“In October The Red Cross in New Mexico became part of a region based out of Phoenix, Arizona,” she said. “So our main office was out of Phoenix and I’d heard cutbacks were coming. I felt confident with my position and we had acquired a disaster programs specialist that year. We had great working rapport.
“Then, on a Monday morning the CEO told me that they were eliminating all of the community relations positions throughout the state of New Mexico. That was me. They highly suggested that I apply for a Major Giving Officer position. It would have been a major increase in pay, but it would have been a lot of traveling.”
Landrum quickly realized that the hand in that change had been God’s.
“I opted to take the severance package so that I could spend my father’s last months helping my mother take care of him,” she said. “I spent those last months helping care for my father as his health diminished. In June of 2015 my father passed away. I took some time for myself and to be with my mom and help her. My husband was a great help then.”
It didn’t take long before Landrum felt that old familiar stirring.
“In August I was getting restless,” she said. “I had cleaned my closet one too many times.”
An informal family tradition was the conduit for her next opportunity.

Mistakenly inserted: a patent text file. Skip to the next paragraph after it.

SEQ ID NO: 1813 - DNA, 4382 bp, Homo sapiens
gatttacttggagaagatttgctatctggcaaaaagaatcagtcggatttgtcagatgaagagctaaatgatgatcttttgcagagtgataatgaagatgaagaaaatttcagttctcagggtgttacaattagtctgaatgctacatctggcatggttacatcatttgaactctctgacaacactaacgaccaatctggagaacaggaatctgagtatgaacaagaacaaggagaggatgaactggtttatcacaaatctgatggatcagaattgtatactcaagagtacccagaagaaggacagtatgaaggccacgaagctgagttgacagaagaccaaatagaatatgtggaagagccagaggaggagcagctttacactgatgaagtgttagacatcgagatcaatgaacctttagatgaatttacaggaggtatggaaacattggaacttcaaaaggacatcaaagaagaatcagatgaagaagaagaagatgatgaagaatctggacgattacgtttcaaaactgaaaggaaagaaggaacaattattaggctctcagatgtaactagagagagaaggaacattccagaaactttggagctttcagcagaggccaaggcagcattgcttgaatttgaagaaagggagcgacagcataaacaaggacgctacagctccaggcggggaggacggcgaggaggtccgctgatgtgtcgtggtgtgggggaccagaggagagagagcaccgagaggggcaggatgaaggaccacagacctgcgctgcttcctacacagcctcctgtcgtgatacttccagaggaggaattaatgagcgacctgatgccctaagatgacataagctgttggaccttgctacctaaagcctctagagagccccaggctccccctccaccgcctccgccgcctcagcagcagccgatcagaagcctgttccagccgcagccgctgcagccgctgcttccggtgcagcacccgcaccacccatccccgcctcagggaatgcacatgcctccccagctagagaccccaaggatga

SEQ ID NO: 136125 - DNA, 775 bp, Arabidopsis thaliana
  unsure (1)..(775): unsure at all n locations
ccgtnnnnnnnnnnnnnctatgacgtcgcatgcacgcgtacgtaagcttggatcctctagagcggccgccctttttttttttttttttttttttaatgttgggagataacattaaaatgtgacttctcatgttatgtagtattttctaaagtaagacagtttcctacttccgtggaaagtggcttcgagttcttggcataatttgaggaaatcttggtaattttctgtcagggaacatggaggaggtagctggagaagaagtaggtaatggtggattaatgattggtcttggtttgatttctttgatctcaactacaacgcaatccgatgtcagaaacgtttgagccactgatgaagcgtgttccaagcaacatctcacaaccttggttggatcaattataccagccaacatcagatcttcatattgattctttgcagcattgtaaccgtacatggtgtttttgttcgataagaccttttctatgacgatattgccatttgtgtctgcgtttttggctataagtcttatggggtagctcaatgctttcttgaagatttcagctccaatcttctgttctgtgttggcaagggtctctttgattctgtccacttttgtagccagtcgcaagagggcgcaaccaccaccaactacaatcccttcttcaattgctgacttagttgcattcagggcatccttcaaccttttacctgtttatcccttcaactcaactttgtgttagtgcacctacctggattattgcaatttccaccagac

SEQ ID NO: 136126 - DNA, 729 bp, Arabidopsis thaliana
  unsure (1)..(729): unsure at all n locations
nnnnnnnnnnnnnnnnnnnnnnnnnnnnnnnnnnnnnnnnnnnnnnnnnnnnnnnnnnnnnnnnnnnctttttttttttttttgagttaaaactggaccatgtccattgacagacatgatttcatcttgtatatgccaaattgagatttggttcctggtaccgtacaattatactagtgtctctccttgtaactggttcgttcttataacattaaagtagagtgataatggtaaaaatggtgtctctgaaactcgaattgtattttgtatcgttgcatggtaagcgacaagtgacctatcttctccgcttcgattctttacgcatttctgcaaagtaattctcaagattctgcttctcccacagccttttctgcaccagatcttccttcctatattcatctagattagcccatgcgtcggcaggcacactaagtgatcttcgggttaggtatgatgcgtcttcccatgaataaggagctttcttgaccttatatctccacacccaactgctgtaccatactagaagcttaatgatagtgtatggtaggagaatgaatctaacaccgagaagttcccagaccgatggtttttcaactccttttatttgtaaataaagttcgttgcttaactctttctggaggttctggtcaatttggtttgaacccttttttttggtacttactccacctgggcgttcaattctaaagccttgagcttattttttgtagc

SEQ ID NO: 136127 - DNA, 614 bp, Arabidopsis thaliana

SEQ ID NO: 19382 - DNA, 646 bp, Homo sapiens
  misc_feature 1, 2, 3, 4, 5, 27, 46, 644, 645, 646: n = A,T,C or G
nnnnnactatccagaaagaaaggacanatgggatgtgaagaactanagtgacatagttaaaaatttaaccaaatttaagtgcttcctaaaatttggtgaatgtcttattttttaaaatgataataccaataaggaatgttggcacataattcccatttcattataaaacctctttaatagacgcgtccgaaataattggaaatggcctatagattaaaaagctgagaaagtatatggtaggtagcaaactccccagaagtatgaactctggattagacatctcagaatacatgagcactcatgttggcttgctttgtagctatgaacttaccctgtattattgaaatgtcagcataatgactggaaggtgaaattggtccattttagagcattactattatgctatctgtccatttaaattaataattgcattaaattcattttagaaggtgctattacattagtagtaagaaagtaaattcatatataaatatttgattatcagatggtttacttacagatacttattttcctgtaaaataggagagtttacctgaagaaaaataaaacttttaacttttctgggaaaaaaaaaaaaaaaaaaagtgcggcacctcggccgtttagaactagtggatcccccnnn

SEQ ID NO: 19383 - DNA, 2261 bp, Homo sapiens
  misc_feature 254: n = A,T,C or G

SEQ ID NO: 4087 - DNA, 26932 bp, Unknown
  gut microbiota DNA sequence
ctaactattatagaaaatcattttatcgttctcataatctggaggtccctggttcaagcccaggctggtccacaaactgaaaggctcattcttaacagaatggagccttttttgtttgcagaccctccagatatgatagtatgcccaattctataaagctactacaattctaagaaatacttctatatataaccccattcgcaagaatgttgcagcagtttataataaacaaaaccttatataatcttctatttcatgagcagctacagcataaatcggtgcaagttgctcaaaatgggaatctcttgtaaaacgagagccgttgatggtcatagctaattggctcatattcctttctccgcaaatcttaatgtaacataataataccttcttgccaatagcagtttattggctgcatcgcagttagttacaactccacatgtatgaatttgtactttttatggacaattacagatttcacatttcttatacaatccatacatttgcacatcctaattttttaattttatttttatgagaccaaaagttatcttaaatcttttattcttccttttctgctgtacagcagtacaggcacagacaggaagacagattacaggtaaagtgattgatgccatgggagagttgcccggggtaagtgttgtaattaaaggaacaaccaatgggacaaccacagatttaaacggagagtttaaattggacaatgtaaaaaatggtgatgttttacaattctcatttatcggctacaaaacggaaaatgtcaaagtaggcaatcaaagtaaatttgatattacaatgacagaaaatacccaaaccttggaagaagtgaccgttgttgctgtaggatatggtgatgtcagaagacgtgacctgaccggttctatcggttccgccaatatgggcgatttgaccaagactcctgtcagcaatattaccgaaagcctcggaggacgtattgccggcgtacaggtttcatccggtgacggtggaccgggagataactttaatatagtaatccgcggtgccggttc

“The first thing my husband does every single day is read the Roswell Daily Record,” Landrum said. “He usually ends up reading half of it to me while I’m drinking coffee. He told me the Assurance Home was looking for a child care worker.
“I was familiar with The Assurance Home because when I was administrative director at Working Mother’s Day Nursery, during the summer, the Assurance Home places their residents in jobs. When I was at the Red Cross I was able to get a young lady from the Assurance Home work for me through the summer as my assistant. She was one of the major players in helping me to get the Red Cross Real Heroes program off the ground.”
Landrum knew Ron Malone and many staff members already, she loved the place and what it does for children.
“In the back of my mind I think I’ve always thought ‘I’d love to be at the Assurance Home,’” she said. “When my husband told me that, I ran to the computer and updated my resume, got in my car and flew to the Assurance Home to apply for the job.”
After a year as a child care provider, Landrum saw a chance to make a bigger difference. Then, true to her pattern, a bigger opportunity arose for her.
“In June of 2016 the volunteers that worked at the thrift shop were no longer able to run it,” she said. “I ran upstairs and told Mr. Malone that I wanted to do that. So I worked at the thrift shop during the week and with the kids on weekends. Then in December of last year, Mr. Malone approached me and asked if I would consider becoming the Community Relations Coordinator for the Assurance Home.”
Landrum can be found working at the Assurance Home Thrift Shop at 916 E. McGaffey St., or connecting with people all over Roswell telling them about the organization. In 14 years Landrum has brought about much needed change in Roswell. At this point there is no end in sight.
Features reporter Curtis M. Michaels can be reached at 575-622-7710, ext. 205, or at firstname.lastname@example.org.